- Andre Eckhardt Massachusetts Institute of Technology ,
- Martin-Louis Riu Massachusetts Institute of Technology ,
- Mengshan Ye Massachusetts Institute of Technology ,
- Peter Mueller Massachusetts Institute of Technology ,
- Giovanni Bistoni Max Planck Institute for Coal Research ,
- Christopher Cummins Massachusetts Institute of Technology
Phosphorus mononitride (PN) only has a fleeting existence on Earth and molecular precursors for a mild release of the molecule to enable chemical synthesis in solution do not exist. Here we report the synthesis of an anthracene (A) based molecular precursor (N3PA) that dissociates into dinitrogen (N2), A and PN in solution with a first order half-life of roughly t 1/2 = 30 min at room temperature associated with an activation enthalpy of ΔH ⧧ = 19.5 ± 1.7 kcal mol –1 and an activation entropy of ΔS ⧧ = −8.8 ± 0.8 cal mol –1 K –1 . Heated under vacuum N3PA decomposes in an explosive fashion at around 42 °C as demonstrated in a molecular beam mass spectrometry (MBMS) study. N3PA serves as a PN transfer reagent as demonstrated in the synthesis of [(dppe)Fe(Cp*)(NP)][BArF24]. Surprisingly, the terminal N-bonded linkage isomer is energetically preferred due to significant covalent iron pnictogen bond character and associated less unfavorable Pauli repulsion in the metal-ligand interaction.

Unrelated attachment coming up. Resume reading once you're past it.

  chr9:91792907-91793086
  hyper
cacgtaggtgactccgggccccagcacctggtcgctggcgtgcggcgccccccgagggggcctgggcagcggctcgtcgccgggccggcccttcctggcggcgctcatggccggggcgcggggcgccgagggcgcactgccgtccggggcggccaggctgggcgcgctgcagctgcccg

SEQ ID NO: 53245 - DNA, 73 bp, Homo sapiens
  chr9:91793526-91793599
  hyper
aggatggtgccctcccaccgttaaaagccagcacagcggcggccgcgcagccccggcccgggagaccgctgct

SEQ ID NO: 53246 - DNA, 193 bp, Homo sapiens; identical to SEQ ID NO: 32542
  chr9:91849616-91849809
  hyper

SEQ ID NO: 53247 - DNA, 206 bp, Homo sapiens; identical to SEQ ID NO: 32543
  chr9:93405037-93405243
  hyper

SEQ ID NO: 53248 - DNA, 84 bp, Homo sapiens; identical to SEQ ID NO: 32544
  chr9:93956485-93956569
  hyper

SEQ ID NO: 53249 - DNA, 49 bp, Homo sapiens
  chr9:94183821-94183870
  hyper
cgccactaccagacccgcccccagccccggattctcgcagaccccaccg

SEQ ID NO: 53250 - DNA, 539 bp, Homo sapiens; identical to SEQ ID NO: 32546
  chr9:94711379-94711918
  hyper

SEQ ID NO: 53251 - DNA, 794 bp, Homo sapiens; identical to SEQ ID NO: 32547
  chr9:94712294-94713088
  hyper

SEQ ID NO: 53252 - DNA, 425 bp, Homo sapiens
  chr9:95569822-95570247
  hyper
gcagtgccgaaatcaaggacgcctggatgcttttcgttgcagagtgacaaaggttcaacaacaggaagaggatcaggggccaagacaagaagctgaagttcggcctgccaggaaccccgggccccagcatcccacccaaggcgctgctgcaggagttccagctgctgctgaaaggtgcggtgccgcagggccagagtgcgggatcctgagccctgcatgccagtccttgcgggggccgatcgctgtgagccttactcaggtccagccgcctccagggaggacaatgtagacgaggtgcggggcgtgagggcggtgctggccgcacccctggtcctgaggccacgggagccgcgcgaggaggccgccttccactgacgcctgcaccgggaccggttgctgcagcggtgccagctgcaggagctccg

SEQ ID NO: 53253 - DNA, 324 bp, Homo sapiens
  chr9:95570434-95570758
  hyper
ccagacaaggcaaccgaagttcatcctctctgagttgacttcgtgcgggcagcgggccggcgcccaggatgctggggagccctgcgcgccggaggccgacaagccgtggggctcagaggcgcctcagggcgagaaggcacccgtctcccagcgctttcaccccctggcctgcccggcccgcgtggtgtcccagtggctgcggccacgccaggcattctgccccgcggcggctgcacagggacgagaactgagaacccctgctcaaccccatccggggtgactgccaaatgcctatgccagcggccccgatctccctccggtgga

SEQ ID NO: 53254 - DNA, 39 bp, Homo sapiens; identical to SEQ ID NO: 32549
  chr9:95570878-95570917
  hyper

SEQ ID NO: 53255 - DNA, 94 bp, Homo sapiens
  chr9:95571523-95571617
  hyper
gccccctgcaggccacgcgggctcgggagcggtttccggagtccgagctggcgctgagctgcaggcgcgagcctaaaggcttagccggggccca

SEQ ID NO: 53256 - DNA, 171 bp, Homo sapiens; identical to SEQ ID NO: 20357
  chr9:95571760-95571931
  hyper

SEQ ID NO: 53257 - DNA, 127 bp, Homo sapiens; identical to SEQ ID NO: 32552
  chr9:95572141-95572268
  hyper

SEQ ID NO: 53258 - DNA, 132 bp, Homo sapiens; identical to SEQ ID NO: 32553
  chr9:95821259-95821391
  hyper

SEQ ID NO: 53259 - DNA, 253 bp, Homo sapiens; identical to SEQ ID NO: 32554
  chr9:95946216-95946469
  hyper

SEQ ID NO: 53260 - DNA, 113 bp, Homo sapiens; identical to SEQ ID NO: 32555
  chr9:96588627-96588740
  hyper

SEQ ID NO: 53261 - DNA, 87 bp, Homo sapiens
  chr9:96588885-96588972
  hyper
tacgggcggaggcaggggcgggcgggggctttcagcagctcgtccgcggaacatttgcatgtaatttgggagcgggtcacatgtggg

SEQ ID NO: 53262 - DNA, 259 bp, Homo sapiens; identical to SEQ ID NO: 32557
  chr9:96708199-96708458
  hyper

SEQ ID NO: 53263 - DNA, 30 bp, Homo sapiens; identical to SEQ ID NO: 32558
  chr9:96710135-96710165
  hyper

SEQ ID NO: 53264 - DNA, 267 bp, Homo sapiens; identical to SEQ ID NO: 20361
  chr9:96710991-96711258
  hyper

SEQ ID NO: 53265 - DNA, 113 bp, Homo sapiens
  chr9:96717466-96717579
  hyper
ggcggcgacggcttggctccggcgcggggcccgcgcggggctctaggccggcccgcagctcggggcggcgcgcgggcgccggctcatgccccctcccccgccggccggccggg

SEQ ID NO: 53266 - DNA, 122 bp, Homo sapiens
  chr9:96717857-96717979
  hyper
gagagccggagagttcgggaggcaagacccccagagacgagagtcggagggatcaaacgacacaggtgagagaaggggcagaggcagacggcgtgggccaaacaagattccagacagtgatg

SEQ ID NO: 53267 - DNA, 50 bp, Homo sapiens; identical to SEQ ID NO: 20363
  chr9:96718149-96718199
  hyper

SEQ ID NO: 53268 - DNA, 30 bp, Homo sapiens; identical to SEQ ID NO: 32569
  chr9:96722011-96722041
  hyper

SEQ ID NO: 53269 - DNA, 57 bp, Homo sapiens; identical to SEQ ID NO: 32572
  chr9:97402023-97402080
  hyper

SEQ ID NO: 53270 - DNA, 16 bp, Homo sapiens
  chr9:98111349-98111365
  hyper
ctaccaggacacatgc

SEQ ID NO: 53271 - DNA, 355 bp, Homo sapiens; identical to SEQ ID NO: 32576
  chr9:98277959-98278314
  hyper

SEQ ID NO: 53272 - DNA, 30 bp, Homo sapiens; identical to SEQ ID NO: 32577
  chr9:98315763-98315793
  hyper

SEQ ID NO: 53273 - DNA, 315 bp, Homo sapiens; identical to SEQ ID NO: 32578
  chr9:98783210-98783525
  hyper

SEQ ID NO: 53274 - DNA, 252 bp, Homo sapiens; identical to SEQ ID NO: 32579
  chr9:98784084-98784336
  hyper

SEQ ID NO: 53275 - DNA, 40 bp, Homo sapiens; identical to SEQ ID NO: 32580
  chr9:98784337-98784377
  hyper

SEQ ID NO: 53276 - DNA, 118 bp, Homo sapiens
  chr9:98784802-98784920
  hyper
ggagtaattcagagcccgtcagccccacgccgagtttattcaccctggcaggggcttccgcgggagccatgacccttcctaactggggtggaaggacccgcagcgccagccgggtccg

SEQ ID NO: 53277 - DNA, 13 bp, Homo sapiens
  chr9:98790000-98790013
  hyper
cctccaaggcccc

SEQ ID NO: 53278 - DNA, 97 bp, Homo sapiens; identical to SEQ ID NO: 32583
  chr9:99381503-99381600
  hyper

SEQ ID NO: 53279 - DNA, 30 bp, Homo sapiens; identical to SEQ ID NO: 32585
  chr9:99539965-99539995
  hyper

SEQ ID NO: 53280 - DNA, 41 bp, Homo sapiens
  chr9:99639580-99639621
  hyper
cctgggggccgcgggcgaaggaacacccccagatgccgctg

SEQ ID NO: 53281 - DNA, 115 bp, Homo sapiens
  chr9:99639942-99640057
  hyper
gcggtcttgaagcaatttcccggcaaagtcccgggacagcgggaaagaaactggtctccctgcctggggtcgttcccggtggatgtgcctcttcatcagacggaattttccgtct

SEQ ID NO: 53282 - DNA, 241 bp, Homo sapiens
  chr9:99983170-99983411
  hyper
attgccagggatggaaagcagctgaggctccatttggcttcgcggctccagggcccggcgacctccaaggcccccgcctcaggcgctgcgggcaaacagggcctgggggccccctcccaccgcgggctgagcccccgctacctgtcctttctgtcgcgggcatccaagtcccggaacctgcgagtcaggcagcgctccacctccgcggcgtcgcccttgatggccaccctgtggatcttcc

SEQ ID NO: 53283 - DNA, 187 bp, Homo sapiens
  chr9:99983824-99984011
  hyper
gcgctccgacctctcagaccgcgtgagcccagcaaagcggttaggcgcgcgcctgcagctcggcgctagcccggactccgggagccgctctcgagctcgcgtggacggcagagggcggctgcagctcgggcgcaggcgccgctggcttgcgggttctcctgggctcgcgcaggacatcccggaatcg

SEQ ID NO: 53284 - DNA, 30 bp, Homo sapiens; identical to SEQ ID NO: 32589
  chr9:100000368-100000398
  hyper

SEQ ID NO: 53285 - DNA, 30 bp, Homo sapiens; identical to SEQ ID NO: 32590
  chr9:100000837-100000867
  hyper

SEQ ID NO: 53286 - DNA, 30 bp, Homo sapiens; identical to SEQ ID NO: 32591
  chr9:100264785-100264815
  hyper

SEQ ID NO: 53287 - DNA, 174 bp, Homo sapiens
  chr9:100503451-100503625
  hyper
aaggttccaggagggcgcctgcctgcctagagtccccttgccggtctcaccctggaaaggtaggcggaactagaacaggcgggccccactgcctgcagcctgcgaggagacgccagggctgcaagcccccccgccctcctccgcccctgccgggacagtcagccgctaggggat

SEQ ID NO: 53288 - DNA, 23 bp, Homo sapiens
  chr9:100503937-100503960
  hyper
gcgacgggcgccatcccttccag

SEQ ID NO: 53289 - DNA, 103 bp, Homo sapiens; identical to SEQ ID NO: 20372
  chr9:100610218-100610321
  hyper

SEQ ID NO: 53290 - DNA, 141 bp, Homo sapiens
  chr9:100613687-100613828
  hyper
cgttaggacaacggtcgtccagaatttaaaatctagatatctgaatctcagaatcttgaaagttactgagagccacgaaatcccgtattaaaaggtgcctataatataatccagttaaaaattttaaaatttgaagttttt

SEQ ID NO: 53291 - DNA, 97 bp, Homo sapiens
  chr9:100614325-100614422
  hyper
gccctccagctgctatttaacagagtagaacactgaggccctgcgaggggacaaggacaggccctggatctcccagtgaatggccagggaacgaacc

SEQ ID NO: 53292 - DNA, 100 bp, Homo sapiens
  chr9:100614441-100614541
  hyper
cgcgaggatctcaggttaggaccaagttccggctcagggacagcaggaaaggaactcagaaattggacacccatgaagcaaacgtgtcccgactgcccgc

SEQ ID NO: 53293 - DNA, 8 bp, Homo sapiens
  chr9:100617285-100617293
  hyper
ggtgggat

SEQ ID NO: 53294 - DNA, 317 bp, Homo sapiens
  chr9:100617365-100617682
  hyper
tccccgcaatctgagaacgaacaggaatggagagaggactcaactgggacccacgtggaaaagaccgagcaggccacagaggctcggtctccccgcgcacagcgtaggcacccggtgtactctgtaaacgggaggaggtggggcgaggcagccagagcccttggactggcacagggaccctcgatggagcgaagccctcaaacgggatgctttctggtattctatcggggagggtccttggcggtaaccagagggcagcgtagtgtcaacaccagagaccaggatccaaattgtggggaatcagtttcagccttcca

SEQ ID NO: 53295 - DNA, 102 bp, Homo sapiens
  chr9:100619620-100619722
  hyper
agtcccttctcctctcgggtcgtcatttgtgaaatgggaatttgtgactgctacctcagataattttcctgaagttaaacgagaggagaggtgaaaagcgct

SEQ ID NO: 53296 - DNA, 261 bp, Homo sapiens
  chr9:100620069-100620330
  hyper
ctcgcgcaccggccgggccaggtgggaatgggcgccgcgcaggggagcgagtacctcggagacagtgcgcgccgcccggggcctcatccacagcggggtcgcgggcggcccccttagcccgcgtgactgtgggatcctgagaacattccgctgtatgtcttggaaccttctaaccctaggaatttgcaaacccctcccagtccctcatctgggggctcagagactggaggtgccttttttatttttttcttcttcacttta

Supporting Information – Taming Phosphorous Mononitride (PN)